The inequitable geographic distribution of health care resources has long been recognized as a problem in the United States and is a significant factor driving health care reform. Current state and federal policy objectives are for all citizens to have adequate access to health care. The availability of an adequate supply and distribution of health professionals is essential to the accessibility of basic health care services, regardless of the method of payment.
A method that has been undertaken to address shortages is to redistribute the supply of health professionals for primary care, mental and dental health. A key strategy is the designation of health professional shortage areas (HPSAs) and medically underserved areas (MUAs) to create incentives to improve the distribution of health professionals. The HPSA and MUA designation processes were developed as methods to determine exactly where shortages exist in order to define those areas eligible for participation in certain federally funded programs.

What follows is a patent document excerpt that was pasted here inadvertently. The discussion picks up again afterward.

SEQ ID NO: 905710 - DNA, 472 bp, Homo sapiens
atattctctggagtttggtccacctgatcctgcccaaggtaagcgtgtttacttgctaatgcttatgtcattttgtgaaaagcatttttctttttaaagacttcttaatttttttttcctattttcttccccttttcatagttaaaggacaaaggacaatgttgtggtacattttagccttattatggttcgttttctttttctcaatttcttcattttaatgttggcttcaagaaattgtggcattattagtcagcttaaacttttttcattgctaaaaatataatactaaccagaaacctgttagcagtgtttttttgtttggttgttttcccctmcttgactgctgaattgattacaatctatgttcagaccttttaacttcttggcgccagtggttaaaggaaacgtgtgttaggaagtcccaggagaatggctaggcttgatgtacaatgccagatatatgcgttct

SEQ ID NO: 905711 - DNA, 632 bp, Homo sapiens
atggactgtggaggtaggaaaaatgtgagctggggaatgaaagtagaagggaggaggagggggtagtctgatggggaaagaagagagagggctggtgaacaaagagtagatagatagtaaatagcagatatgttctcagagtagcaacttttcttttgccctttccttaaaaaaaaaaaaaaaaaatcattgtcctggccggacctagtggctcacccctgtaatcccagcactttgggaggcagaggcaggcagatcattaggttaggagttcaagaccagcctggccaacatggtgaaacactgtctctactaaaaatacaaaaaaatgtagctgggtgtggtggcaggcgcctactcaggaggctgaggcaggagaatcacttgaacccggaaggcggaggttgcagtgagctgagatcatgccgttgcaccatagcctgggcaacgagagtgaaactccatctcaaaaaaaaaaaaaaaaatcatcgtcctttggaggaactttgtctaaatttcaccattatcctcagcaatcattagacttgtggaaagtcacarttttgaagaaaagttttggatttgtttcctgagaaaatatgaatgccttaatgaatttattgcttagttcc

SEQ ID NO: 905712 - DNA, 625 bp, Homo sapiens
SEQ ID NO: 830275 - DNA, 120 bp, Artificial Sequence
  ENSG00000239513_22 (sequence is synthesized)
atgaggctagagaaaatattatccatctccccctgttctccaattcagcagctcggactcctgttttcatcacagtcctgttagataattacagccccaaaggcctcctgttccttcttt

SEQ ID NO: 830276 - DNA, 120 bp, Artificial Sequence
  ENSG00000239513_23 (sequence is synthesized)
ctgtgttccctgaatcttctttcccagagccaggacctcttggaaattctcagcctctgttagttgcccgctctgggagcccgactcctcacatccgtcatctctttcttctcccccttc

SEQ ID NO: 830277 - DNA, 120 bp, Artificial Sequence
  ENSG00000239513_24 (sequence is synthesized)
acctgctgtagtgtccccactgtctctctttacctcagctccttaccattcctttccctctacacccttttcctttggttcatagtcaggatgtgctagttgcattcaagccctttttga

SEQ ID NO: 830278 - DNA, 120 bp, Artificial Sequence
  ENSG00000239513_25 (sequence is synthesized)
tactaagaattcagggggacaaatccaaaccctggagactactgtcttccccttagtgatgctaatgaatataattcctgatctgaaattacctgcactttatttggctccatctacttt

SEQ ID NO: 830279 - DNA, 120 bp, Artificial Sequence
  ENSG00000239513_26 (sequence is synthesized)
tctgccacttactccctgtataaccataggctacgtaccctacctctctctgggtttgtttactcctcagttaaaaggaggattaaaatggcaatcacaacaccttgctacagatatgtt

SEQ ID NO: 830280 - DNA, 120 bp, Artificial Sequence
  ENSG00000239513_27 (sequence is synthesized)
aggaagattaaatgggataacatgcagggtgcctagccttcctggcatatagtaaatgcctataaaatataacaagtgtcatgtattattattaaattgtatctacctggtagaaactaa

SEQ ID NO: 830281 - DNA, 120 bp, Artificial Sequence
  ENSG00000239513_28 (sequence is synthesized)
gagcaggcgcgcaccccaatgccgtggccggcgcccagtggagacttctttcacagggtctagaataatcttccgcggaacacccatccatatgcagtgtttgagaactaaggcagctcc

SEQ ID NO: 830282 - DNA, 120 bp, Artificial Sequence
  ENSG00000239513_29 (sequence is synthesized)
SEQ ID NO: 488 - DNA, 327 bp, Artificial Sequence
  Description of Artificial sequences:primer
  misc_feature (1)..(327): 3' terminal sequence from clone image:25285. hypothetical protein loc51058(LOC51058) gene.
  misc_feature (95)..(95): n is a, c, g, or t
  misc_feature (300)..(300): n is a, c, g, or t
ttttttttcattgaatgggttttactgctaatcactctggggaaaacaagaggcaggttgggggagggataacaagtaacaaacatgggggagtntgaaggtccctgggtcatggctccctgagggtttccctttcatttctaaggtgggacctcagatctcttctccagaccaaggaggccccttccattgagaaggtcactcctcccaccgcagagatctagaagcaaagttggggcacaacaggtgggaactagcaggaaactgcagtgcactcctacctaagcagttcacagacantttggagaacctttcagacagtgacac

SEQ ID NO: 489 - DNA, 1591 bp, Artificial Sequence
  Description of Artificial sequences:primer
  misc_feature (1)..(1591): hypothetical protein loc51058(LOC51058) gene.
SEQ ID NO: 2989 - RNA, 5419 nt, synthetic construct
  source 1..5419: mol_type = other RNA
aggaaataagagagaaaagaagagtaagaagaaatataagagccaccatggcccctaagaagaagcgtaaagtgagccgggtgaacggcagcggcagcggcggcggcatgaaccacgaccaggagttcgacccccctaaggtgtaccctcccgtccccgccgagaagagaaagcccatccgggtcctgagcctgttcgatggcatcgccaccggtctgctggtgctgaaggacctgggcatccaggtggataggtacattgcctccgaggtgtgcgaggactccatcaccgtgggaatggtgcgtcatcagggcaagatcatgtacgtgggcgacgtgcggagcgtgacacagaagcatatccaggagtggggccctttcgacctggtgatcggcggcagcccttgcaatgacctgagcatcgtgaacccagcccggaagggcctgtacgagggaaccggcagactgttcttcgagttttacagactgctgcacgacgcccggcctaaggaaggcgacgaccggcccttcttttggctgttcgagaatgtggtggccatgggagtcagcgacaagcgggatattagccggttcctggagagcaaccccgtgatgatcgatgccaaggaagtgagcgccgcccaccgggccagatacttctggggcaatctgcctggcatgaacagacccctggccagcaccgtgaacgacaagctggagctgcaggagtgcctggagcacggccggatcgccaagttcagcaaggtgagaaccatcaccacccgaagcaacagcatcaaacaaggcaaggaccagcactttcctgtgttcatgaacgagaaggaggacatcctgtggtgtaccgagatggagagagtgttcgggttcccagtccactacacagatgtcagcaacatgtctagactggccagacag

Designation is not a competitive process. Any individual or organization may nominate an area, facility or population group for a shortage designation. Any entity located within a geographic or special population region can use the designation to its own benefit to qualify for programs.